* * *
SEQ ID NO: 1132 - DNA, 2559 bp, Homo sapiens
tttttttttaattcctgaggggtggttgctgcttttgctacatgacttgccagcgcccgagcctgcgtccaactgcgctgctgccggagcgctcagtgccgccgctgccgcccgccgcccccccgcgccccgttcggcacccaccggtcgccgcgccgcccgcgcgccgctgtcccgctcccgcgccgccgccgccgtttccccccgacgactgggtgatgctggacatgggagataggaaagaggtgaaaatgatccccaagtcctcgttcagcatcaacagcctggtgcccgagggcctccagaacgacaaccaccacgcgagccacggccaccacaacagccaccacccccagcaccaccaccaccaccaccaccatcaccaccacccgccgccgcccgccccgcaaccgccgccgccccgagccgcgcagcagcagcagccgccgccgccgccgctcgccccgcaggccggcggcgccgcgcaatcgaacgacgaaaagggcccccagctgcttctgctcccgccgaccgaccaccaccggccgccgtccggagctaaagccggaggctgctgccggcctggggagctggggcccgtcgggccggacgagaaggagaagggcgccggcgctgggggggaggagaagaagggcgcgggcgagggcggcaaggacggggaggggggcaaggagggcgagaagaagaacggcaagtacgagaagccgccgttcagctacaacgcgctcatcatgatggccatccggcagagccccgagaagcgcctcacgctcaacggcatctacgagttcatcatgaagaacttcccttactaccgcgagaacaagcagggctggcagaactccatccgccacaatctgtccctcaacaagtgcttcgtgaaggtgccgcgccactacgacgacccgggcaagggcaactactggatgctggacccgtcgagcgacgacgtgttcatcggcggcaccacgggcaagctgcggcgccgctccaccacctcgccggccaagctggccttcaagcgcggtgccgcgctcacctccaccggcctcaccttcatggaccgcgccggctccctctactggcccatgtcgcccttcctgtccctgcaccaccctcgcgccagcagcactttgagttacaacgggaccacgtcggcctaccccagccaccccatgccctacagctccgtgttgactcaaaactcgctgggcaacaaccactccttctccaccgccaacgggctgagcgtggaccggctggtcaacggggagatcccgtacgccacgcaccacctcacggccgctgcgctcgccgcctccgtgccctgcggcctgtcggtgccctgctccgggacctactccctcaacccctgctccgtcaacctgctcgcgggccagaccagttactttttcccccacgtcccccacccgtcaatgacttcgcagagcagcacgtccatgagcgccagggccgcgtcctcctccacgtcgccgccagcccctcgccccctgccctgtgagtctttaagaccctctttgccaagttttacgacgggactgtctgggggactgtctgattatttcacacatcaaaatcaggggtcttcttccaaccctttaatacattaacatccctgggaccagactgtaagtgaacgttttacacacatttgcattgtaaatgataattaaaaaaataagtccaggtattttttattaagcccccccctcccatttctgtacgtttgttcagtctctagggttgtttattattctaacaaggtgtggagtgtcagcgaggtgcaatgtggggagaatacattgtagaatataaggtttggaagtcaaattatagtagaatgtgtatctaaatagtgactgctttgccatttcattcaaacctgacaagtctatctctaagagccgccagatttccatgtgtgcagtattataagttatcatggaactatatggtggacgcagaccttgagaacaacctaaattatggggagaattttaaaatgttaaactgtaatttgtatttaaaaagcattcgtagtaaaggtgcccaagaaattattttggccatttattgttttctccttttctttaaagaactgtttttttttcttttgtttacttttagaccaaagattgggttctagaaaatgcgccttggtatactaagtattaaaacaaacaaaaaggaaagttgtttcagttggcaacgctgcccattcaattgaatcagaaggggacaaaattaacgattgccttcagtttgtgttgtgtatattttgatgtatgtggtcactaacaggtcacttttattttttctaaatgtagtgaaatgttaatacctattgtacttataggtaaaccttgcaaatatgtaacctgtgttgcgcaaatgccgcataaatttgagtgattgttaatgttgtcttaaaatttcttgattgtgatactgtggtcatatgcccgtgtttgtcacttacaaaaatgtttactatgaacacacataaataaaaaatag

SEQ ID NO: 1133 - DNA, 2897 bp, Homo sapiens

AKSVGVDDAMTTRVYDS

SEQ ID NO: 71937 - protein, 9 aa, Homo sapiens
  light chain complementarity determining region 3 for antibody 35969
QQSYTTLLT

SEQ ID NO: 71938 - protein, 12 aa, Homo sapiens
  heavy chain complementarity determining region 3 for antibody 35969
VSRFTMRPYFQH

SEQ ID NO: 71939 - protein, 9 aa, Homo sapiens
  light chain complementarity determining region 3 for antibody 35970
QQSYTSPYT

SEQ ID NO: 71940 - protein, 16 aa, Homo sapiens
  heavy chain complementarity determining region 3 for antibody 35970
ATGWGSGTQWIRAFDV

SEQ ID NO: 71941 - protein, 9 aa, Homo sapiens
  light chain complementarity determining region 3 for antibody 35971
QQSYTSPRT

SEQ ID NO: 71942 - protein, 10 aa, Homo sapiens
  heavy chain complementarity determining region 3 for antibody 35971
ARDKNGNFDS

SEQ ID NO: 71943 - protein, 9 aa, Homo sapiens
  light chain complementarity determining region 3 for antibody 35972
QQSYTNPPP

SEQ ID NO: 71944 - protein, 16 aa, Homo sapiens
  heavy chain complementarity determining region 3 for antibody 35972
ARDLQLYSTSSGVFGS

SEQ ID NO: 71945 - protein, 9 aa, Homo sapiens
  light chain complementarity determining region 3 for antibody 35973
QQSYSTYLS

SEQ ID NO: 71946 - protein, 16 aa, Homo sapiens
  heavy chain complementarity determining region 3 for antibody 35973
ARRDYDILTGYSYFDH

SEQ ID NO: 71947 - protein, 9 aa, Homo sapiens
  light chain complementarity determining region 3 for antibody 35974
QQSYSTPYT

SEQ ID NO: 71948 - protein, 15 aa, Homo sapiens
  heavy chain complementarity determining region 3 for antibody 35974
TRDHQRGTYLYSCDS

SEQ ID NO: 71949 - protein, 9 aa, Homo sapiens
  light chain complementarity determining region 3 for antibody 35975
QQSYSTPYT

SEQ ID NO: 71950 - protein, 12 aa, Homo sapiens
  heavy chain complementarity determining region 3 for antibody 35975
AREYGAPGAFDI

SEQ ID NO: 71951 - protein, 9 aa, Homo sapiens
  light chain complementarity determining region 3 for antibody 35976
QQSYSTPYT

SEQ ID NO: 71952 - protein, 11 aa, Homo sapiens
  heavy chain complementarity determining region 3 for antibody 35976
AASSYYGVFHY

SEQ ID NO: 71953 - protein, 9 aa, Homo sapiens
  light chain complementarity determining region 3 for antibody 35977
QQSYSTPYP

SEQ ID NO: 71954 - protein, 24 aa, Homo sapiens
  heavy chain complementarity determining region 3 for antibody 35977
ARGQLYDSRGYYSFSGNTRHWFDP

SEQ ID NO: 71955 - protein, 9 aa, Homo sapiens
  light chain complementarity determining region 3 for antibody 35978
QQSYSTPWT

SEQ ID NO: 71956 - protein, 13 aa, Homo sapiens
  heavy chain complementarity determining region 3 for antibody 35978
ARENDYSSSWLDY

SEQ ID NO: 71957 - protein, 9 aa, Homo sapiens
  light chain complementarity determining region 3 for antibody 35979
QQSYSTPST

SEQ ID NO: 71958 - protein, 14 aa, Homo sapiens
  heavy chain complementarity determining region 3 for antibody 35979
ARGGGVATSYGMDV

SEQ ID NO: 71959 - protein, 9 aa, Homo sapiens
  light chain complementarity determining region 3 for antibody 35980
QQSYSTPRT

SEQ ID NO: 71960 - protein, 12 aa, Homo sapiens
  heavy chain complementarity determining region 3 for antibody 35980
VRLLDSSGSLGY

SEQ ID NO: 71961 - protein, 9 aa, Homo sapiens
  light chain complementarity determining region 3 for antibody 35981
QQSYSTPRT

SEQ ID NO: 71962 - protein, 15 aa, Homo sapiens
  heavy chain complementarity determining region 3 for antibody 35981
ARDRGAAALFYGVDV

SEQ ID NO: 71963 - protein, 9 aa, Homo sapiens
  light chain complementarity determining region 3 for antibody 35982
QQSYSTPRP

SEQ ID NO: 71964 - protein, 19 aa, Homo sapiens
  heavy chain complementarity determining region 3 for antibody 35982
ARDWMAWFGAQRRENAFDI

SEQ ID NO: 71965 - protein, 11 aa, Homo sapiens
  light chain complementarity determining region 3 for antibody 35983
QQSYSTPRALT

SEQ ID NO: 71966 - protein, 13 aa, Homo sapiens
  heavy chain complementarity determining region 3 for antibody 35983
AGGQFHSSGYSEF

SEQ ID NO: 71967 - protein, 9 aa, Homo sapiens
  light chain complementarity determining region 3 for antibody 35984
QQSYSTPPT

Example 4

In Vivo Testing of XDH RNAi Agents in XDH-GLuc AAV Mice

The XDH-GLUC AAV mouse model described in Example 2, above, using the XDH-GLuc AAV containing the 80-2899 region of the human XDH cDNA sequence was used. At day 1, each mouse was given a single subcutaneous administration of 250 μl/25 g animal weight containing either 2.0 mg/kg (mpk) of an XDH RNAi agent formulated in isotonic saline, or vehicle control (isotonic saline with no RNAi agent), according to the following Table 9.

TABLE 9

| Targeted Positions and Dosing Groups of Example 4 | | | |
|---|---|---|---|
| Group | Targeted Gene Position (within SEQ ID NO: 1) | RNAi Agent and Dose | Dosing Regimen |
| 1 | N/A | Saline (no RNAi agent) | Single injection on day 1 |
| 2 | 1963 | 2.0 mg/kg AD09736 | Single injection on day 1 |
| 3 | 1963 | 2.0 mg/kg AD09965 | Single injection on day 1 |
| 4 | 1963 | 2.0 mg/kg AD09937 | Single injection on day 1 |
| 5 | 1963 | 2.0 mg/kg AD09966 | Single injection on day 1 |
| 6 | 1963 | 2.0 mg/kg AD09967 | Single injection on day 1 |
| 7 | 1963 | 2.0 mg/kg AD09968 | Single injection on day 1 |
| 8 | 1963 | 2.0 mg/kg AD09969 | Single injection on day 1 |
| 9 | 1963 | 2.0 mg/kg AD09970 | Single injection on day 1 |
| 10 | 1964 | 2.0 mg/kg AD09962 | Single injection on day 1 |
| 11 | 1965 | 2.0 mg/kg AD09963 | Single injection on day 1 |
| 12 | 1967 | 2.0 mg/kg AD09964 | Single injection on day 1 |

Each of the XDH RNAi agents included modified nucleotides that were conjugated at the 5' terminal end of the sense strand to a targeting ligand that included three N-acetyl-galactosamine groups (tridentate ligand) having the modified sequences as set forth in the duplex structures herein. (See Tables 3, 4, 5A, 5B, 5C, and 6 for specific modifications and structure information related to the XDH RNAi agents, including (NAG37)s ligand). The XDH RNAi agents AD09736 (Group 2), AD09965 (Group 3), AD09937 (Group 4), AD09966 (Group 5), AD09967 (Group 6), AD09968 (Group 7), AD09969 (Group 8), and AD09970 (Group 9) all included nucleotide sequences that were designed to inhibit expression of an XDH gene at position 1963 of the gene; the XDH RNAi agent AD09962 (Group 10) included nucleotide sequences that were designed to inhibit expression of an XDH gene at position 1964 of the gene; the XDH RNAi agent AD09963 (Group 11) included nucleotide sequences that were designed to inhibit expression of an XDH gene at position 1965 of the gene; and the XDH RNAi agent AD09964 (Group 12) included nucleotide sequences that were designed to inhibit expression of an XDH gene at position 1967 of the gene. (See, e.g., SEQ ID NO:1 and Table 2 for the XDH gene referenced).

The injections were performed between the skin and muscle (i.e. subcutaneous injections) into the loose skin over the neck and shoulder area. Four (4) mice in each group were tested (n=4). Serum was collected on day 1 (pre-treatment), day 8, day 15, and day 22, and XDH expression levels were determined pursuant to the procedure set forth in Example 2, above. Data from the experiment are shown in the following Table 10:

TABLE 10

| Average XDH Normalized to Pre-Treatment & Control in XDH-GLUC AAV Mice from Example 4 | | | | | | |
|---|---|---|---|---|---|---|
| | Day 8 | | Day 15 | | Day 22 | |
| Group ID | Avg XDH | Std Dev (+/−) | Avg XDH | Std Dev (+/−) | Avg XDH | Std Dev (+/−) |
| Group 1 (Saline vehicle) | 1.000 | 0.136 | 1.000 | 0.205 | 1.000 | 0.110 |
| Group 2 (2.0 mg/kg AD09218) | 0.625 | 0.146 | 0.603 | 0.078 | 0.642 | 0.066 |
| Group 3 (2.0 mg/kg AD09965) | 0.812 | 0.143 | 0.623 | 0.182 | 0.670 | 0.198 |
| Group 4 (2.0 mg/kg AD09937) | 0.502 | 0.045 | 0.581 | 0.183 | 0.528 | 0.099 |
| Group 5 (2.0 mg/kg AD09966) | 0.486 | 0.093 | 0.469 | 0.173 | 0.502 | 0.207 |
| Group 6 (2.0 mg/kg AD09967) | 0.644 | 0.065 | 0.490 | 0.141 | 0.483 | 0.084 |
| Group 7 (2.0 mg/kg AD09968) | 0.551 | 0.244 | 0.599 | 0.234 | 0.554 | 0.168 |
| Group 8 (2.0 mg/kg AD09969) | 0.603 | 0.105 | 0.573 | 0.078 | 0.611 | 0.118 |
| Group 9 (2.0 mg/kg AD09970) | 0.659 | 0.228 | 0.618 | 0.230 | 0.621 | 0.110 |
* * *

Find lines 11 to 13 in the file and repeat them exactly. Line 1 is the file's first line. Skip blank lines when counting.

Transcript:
SEQ ID NO: 71939 - protein, 9 aa, Homo sapiens
  light chain complementarity determining region 3 for antibody 35970
QQSYTSPYT